A Prayer for Times of Loneliness

call out to your savior in silence
let him hear your faithful waiting
here in this dark place
where only the candle burns to remind us that
the Lord always comes for his own

written by Joel Mason

Good Things

God of
and yellow leaves in the air,
you have given us enough.
There is enough
for everyone, even for those
who die from too little,
because you have made
even death
You bring us,
if we would go,
from a pure heart,
to a growing heart,
to a pure heart.

God who
has hands all marked with work,
you have enough time.

You are a deep sea, deep enough
for peace under any wind.

I stretch like the leaves;
I follow your sustenance.
You are vitamins, you are molten core,
you are flint and secret ocean floor.
You are language, you’re the kiss,
you’re the one who walks in dreams.

I add my off-pitch notes
with the monks in their hoods,
cold cheeks and warmth in their chests,
to the morning mass woman,
old and regular, aching knees,
tongue stretched out for the host.
To the tree black crows in a yellow tree,
your harsh prophets.
To the maple leaf high in a grey sky,
before it goes to rest.
God, you are enough.

written by Katie Gorrie

Creating Community

If you care about community, discount excuses like this:

We’re too busy
I don’t want to be intrusive
Others might want to spend time with me
There’s nobody around who cares about what I care about
My virtual community is enough
(If your circumstances really don’t allow for the development of community in your life, ask hard questions about priorities)

Be attracted especially to three kinds of people:

a) people who embody (or show signs of) the kind of whole life and wisdom that you would like to see more of in your life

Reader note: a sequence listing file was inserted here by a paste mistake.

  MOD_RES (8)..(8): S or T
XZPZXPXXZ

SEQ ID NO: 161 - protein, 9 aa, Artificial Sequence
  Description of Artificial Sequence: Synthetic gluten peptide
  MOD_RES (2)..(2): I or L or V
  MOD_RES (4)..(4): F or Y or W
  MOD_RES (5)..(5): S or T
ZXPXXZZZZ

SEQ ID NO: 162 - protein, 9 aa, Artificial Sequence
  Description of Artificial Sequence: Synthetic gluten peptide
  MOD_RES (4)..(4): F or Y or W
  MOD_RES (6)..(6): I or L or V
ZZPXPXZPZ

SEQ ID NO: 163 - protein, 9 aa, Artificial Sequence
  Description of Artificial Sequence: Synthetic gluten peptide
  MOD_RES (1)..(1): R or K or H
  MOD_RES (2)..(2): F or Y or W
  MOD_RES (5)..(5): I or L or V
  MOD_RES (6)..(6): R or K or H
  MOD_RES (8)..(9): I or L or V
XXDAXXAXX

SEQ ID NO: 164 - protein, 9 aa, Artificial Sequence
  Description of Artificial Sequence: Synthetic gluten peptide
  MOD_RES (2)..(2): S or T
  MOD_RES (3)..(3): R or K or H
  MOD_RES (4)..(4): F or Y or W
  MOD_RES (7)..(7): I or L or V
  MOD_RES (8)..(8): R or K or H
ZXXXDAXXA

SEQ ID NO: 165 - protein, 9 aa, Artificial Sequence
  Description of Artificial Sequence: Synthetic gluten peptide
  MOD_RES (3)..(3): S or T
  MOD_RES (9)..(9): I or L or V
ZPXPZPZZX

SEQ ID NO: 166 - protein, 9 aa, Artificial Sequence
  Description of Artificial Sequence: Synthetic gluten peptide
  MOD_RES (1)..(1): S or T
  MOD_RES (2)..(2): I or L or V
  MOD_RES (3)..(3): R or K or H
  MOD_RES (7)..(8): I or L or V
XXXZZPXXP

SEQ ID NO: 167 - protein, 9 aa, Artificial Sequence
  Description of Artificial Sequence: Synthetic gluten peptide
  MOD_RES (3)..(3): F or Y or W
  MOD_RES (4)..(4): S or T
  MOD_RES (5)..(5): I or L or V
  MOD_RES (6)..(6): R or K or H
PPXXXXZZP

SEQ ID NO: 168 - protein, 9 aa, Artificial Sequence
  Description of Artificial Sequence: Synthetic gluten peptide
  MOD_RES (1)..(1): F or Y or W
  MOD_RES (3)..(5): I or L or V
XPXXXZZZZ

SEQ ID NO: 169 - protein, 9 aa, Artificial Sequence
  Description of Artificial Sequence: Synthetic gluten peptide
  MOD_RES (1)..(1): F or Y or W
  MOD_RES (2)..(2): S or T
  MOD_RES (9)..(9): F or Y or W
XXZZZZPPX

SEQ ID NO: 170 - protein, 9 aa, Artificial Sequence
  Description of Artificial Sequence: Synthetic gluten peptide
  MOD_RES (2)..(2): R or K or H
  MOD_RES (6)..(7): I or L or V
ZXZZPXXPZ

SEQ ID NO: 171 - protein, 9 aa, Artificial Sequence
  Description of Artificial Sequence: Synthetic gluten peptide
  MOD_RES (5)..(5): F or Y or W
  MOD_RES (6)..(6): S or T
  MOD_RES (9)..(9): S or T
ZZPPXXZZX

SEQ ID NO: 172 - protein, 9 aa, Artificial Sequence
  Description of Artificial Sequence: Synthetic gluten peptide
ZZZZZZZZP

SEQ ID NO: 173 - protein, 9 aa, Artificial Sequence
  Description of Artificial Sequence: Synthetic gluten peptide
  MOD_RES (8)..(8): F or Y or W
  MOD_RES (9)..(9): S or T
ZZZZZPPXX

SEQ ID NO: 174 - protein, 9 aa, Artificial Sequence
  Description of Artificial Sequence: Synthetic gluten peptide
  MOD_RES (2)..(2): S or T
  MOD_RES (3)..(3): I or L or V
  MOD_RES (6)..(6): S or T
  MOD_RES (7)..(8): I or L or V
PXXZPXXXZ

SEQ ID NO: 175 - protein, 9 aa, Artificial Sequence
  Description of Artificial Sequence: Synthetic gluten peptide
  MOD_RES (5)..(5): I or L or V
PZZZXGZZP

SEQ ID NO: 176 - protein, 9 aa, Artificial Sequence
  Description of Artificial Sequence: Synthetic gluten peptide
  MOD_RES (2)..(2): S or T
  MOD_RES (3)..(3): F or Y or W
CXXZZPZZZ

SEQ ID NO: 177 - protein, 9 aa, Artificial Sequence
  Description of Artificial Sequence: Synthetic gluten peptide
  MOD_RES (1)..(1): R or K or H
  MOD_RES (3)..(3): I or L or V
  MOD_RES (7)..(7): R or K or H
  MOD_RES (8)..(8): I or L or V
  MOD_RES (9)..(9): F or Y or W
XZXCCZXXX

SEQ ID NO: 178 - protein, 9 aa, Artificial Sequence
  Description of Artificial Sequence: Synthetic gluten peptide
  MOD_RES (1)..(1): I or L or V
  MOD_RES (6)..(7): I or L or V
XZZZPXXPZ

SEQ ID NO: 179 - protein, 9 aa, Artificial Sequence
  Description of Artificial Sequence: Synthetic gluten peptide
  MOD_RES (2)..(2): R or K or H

b) People who are in need and open to relational helping
c) others, like yourself, who are wanting more community in their life

Create patterns and structures that involve common life (regular time together with others – don’t count on spontaneity)

Create patterns of interdependence (like tool-sharing or even car-sharing)

Practice hospitality (without questions of balance or reciprocity) & celebrate with others

Communicate vulnerability (ask for help)

Create or get involved in projects where you need to work alongside others

Ask for others to join you when making changes to live more justly with others and with the environment (or at least for their support, even if they don’t agree with how radical your steps are)

Takes risks of pushing past “normal socializing” – conventional won’t lead to unconventional results

Confront conflict in ways that show you care about the relationship and are confident the relationship will survive the conflict. Guard against letting relationships slip away because some conflict made it uncomfortable.

Find ways to increase geographical proximity – be willing to commit to relationships with people

Ask questions that initiate creative responses from your friends, especially about how to follow God in today’s world

Create community in more than one direction (example – one community focused on common Christian values, one community focused on your geographic community or local need)

written by Walter Thiessen

On Incarnation, Literature, and Justice

A good reading of narrative and image (dominant aspects of literature) leads to vulnerability and openness in the classroom, an openness to the challenge of living who you are and living who you are meant to be. It cultivates respect for the practice and art of being creative: and being creative means living and learning in a spirit of openness to God, to self (the deepest unknown internal territory), and to others.

– Margaret Anne Smith

Christmas Thoughts

In the birth of the small and vulnerable Jesus, we already celebrate by extension the crucified and resurrected Jesus, and this means something concrete regarding materialism and the luminosity of the Gospel. As his imitators, we are called to simplicity just as Jesus was. We are called to identification with those whose financial status disqualifies them from participating in the mad rush of holiday shopping, just as Jesus is. We are called, not to family-centrism, but to open our doors to those who may be crushed by loneliness, just as Jesus did.


What I mean is that until we find ourselves looking like Jesus at Christmas: poor, humble, and extremely open, then we have nothing to say to the culture. But have good cheer! I am convinced that we have been given a wonderful party with incredible joy waiting for us in the humility of the pennyless babe!

– Joel Mason